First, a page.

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In Reply to: RE: Applause posted by Newey on March 16, 2017 at 20:08:15
I've been to concerts where you can see the buses from the retirement homes all neatly parked in the lot. And unfortunately, dementia is already setting in with some of the attendees from these locations.
OTOH, as I've posted before, applause in the middle of a movement is HIP! There's a contemporaneous account of a performance of Haydn's Creation, and at the point where the sun comes out, the audience broke out into applause even as the music continued. Apparently, Haydn wasn't too worried about it, beause he is said at that moment to have pointed up to heaven (whence came his inspiration!).
I interviewed Aldo Ciccolini one time, and he was more lined up with your way of thinking. He felt that applause after a performance always broke the musical spell he'd been working so hard to create or evoke. He claimed he would be happier if there was complete silence after his performances. He also claimed that serving music was like being a monk in a monastery, and if one were totally dedicated to serving music, one should not get married!
"the buses from the retirement homes all neatly parked in the lot".
Yes. Mindless clapping isn't limited to youth [although they have the most insoucient attitude towards it].That's what I meant by middle-aged cowntry heros - middle aged and older folk who's daily, normal music tastes are mostly pop-rock, cowntry, etc.
But, nevermind that. You're info nugget about Ciccolini is valuable. Interestingly, Dmitri Mitropoulos believed the same thing - and lived that way. Apparently, he hed a simple, dirt poor, monastic lifestyle. No big house. Just a simple hotel room. All so that he could devote himself entirely to music.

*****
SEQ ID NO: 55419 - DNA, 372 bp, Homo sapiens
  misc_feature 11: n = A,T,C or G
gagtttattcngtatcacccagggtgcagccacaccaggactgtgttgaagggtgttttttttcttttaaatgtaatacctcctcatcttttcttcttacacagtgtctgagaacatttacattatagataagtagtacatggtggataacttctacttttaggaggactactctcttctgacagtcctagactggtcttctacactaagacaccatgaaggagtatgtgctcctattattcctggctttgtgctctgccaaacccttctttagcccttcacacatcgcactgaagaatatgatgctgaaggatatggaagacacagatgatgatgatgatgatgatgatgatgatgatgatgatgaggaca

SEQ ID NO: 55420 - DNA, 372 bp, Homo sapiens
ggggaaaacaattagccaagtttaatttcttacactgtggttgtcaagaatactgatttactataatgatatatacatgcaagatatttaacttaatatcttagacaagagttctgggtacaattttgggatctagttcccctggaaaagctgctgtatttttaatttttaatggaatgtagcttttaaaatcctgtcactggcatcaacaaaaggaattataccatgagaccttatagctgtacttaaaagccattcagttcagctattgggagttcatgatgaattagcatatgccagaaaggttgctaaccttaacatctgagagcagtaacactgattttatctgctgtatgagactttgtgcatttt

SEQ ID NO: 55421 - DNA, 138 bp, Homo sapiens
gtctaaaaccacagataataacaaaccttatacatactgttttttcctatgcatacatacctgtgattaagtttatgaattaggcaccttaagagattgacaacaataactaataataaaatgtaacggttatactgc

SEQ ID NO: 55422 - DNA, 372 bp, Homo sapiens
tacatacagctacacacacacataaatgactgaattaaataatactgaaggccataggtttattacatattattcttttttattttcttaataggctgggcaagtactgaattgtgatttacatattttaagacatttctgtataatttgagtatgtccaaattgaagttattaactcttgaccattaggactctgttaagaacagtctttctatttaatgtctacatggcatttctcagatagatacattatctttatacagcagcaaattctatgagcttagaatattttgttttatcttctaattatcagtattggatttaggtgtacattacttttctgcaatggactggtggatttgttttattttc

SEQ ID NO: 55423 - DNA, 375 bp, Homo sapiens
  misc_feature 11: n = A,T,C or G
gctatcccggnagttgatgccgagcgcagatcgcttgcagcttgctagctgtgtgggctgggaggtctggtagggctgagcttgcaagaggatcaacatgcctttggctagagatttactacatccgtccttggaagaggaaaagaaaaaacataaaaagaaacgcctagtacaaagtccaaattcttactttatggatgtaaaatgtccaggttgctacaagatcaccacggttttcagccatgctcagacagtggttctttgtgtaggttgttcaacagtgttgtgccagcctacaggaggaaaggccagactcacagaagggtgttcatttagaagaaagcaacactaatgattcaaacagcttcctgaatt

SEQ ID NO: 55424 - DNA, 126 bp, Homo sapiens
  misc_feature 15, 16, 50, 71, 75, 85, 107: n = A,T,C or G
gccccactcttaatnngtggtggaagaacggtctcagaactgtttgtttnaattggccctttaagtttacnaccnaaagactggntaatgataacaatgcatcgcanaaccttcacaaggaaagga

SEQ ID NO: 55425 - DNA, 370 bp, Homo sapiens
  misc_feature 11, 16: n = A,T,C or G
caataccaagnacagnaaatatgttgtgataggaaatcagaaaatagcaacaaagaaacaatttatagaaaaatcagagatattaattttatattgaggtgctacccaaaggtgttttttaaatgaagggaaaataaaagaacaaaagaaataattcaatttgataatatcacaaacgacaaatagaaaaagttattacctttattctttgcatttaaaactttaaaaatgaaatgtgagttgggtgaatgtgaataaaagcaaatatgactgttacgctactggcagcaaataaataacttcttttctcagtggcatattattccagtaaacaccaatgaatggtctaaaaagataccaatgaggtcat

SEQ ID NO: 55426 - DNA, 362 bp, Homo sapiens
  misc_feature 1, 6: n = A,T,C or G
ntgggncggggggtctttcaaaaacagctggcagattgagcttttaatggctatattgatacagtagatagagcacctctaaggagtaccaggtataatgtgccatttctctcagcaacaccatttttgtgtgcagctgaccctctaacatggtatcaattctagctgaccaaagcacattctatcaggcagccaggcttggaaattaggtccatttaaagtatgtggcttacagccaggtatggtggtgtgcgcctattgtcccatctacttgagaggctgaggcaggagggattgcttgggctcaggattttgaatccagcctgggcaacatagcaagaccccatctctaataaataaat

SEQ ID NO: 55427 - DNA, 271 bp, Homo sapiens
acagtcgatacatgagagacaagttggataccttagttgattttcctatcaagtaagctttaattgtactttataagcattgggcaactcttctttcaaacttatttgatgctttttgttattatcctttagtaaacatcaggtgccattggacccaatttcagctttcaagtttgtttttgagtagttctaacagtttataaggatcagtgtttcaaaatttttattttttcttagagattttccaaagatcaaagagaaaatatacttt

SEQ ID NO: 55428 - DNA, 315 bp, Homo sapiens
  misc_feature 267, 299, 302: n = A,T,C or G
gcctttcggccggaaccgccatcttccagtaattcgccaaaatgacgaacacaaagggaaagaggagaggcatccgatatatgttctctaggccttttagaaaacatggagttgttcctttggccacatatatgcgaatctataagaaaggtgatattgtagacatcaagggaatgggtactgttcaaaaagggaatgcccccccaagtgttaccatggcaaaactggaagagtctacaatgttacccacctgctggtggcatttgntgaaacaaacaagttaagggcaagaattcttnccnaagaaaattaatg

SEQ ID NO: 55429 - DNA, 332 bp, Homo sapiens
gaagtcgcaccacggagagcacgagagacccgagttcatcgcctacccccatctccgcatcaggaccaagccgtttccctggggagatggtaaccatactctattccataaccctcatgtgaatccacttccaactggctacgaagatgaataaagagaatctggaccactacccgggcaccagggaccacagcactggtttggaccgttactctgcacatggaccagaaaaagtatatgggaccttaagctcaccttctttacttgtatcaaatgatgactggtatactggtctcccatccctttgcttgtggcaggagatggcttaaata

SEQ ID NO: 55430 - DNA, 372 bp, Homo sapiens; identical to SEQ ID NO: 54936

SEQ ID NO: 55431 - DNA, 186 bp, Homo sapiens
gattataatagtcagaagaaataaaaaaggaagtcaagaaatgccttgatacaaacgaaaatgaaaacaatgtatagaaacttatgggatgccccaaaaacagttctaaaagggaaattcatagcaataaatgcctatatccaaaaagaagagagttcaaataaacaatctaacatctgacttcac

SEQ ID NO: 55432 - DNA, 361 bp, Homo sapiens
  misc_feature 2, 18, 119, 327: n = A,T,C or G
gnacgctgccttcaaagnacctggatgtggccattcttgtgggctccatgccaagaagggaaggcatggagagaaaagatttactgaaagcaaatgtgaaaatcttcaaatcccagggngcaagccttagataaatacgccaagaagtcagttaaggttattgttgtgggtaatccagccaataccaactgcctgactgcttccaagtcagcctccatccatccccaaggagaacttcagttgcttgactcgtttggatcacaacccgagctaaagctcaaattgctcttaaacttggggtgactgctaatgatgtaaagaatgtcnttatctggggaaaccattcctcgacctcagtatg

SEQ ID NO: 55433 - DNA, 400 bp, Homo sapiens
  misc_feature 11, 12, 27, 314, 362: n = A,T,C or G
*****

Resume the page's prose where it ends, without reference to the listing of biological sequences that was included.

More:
Such devotion is so inspiring and thought provoking - and is the sharpest contrast to the lifestyle of pretty much every single pop rocker. Cf the sprawling estate of late, sainted genius of rock - Prince Rogers Nelson.
Severius! Supremus Invictus
Yes, quite a contrast with Karajan, much less the "pop rockers" to whom you refer. And when Mitropoulos was unceremoniously shoved aside at the NY Philharmonic to make way for the younger and more glamorous Leonard Bernstein, suddenly a superstar thanks to his smash hit Broadway musical West Side Story, he was graceful and dignified about it.
There are people who are geriatrics, who've been listening to classical music their entire lives, sometimes play some instrument and read music, and have many interesting stories about great musicians of the past.
They also know what they like and what they don't like. I've had some interesting encounters with such persons at concert halls.
Most recently, there was a guy who sat in front of me at a CSO concert. On the bill was the Beethoven Piano Con #3 [first part of the program]. followed by Mahler's Blumnine movement. After intenmission, the big piece was the Schoenberg orchestration of the Brahms Pian Quartet. While I was thrilled to hear the Beethoven, hearing the latter 2 pieces - in concert - was the big treat for me. Especially the Schoenberg - since the orchestration was the point there - and recordings just arent' an in-the-flesh performance.
The guy in front of me listened with rapt interest during the Beethoven, and then bolted right at intermission. And, these were no cheap seats.
Another older lady told me that Ravel was way too noisy. She avoided him.
Still another older lady tolerated the Bruckner 9th - which means she sat thru it without leaving. Afterwards, all she said was "So much brass! I've never seen so much brass in my life!". She didn't like the music.
Severius! Supremus Invictus
As I mentioned last year: While attending a Dutoit/Suisse Romande concert at UC Davis, (Rachmaninov, Stravinsky and Ravel), I was shocked to see a gaggle of extremely old professors leave after the Rachmaninov.
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